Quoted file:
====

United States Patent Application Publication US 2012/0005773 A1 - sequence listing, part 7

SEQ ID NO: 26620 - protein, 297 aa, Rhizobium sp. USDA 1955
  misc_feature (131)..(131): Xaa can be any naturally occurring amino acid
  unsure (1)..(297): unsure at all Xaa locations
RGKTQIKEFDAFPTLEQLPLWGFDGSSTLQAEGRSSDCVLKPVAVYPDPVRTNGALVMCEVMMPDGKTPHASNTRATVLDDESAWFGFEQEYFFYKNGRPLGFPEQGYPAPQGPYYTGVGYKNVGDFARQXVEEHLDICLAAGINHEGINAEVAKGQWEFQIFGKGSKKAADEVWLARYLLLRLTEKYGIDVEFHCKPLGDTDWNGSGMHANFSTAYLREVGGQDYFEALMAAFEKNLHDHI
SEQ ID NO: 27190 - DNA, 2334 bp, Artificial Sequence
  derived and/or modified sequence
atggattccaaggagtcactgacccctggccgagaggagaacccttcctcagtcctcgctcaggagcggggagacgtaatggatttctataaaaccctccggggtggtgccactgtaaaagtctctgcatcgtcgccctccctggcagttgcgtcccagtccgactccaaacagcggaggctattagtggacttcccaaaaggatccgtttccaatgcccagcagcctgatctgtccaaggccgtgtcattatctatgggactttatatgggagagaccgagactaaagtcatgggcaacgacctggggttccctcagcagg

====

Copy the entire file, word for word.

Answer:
United States Patent Application Publication US 2012/0005773 A1 - sequence listing, part 7

SEQ ID NO: 26620 - protein, 297 aa, Rhizobium sp. USDA 1955
  misc_feature (131)..(131): Xaa can be any naturally occurring amino acid
  unsure (1)..(297): unsure at all Xaa locations
RGKTQIKEFDAFPTLEQLPLWGFDGSSTLQAEGRSSDCVLKPVAVYPDPVRTNGALVMCEVMMPDGKTPHASNTRATVLDDESAWFGFEQEYFFYKNGRPLGFPEQGYPAPQGPYYTGVGYKNVGDFARQXVEEHLDICLAAGINHEGINAEVAKGQWEFQIFGKGSKKAADEVWLARYLLLRLTEKYGIDVEFHCKPLGDTDWNGSGMHANFSTAYLREVGGQDYFEALMAAFEKNLHDHI
SEQ ID NO: 27190 - DNA, 2334 bp, Artificial Sequence
  derived and/or modified sequence
atggattccaaggagtcactgacccctggccgagaggagaacccttcctcagtcctcgctcaggagcggggagacgtaatggatttctataaaaccctccggggtggtgccactgtaaaagtctctgcatcgtcgccctccctggcagttgcgtcccagtccgactccaaacagcggaggctattagtggacttcccaaaaggatccgtttccaatgcccagcagcctgatctgtccaaggccgtgtcattatctatgggactttatatgggagagaccgagactaaagtcatgggcaacgacctggggttccctcagcagg